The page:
Silicone vs. Silicon: Differences Made Clear

, Staff Writer
Updated March 25, 2021
silicone vs silicon examples
    silicone vs silicon example
    silicone: DmyTo / iStock / Getty Images Plus, silicon: RHJ / iStock / Getty Images Plus
    Used under Getty Images license

It's very easy to mix up the words silicone vs. silicon since the only visible difference is that one of the words has an "e" at the end. Even though they're spelled so similarly, these two words represent two very different substances. Silicon is a naturally occurring chemical element. Silicone is a manmade substance that includes silicon, as well as other elements. They both offer many practical applications.

What Is Silicon?

Silicon, pronounced sĭl'ĭ-kōn, is a natural substance. It is a chemical element that occurs in nature. As such, it is listed on the periodic table of elements as Si. It is a semimetal substance, which is also referred to as a metalloid substance. This means that it has properties of metals and nonmetals alike.


What Is Silicone?

Silicone, pronounced sĭl'ĭ-kən, is a manmade substance that includes silicon and oxygen, along with other elements depending on its form or type. Silicone materials are made in liquid, fluid, solid, or rubber form.

Examples: What Is Silicon Used for?

Silicon quickly and easily forms a chemical bond with the element oxygen (O) so it's rarely, if ever, observed in nature its pure form. However, it is present in many products and has uses in many industrial applications.

  • Silicon is used to make many types of electronic devices and equipment, including computer chips and semiconductors. This is why the area in northern California where so many big tech companies began is referred to as Silicon Valley.
  • If you have ever been to the beach or played in a sandbox, you have seen silicon in action. That is because when silicon combines with oxygen to form silicon dioxide, it becomes silica, which is a major component of sand. Quartz is another term for silica.
  • Producing glass requires the use of industrial sand, which contains a significant amount of silicon dioxide. In this form (industrial sand), silica is the main ingredient needed to manufacture glass.
  • Silica isn't just for sand. A special type of silica (amorphous silica) is a common ingredient in makeup, skincare products and other personal care items. It is very common in cosmetics designed for those with oily skin, as it can reduce shininess by causing the skin to dry a bit when applied.
  • Silicon is often used industrially to manufacture metal alloys. Ferrosilicon (FeSi) is an alloy of iron (Fe) and silicon (Si) that is used to manufacture steel.
  • Advances in medical research have led to the development of silicon nanoneedle patches that can be used to safely deliver medication directly into biological cells in a unique way. It is believed that this technology could provide a way to help organs and nerves that have been damaged repair themselves.
  • Combined with carbon, silicon forms silicon carbide (SiC). This is an extremely strong and durable ceramic material used in many industrial applications. It is used to make corrosion-resistant vessels, crude oil pipelines, disc brakes, lightning rods, and many other items.

Examples: What Is Silicone Used for?

Silicone has beneficial properties that make it useful in a wide variety of industrial applications and consumer products. Silicone can handle extreme heat and cold, holds up well to ultraviolet (UV light) exposure and is water repellent. Since silicon is used to make silicone, everything that silicone is present in also includes silicon.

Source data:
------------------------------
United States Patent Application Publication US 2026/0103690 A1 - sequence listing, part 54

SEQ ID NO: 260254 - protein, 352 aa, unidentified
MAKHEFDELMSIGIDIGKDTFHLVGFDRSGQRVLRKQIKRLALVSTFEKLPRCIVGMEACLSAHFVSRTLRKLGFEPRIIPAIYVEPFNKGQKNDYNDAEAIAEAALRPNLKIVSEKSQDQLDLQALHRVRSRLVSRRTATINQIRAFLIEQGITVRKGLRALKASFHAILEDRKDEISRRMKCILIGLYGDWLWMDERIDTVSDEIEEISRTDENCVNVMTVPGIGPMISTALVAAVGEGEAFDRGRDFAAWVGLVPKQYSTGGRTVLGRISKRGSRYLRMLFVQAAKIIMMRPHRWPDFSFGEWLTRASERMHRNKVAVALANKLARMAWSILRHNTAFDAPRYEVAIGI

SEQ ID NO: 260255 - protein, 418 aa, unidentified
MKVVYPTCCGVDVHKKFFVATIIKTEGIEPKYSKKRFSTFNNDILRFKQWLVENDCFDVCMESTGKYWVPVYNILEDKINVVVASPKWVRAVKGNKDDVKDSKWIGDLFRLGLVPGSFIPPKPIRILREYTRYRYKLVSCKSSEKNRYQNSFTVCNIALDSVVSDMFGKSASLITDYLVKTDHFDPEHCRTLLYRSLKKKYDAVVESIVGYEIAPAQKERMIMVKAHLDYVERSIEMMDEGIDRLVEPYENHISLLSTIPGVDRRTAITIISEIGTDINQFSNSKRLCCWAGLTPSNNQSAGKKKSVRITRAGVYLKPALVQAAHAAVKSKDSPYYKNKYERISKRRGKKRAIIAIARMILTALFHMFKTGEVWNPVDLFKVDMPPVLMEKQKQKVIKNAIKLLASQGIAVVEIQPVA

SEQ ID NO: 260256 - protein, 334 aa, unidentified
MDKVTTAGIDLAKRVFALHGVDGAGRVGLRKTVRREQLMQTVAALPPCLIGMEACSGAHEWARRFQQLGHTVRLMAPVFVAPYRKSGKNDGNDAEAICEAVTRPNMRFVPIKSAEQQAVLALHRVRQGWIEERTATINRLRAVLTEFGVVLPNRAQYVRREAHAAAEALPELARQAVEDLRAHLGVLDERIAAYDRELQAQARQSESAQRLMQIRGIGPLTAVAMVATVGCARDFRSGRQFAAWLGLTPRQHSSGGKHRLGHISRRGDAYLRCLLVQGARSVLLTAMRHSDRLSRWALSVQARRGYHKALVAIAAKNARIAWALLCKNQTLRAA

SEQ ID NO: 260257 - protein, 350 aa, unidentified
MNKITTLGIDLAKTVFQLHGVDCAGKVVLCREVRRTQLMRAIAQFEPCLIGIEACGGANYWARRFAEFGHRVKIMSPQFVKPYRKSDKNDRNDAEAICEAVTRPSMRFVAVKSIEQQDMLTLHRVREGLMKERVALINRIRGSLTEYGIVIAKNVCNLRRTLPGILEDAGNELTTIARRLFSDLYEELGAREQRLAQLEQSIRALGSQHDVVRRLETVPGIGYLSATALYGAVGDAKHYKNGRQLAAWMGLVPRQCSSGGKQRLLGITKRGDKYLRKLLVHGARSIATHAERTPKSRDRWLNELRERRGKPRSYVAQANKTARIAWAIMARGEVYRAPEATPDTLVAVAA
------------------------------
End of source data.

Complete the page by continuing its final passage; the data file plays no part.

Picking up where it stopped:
• Silicone is used to make coatings for many electronic devices, such as the material that covers computer keyboards, the outside of computers, cell phones, and entertainment systems.
  • Silicone caulk is a common substance used in construction and home maintenance. It is used to seal open areas between molding and drywall or flooring, as well as to seal the edges of sinks, tubs and other bathroom fixtures.
  • Silicone is often used to coat the exterior and components within various types of office equipment, such as photocopy machines, printers and fax machines.
  • Cooking is an everyday task that silicone can make easier. A lot of kitchen tools and gadgets are made from food-grade silicone and silicone rubber, including cooking utensils, non-stick baking sheets, individual cupcake liners, bowls, lids, and more. It is considered safer and more environmentally-friendly than plastic.
  • It also plays a role in daily transportation, since silicone is used to manufacture many vehicle parts. Airbags, shock absorbers, windshield wipers, and headlamps are just a few of the car parts that typically include silicone.
  • Silicone is often used in the manufacture of life-saving medical devices designed to be implanted in patients with heart disease. It is used in devices such as cardiac stents, defibrillators, pacemakers.
  • Some breast implants are filled with silicone gel. Those that do not contain this substance are filled with saline. Both can pose potential risks.

Learning More Scientific Terminology

In the field of science, there are many words that look similar when written yet have very different meanings and uses. Now that you're clear on the difference between silicon vs. silicone, take the time to learn even more. Start by reviewing this basic science vocabulary list to make sure you have a thorough understanding of key scientific words. From there, move on to more advanced topics such as the scientific method. Next, discover the difference between scientific law and theory. Soon, you'll have a strong and growing vocabulary of scientific terms. Then, you can start to explore other words separated only by a final "e" like borne vs. born.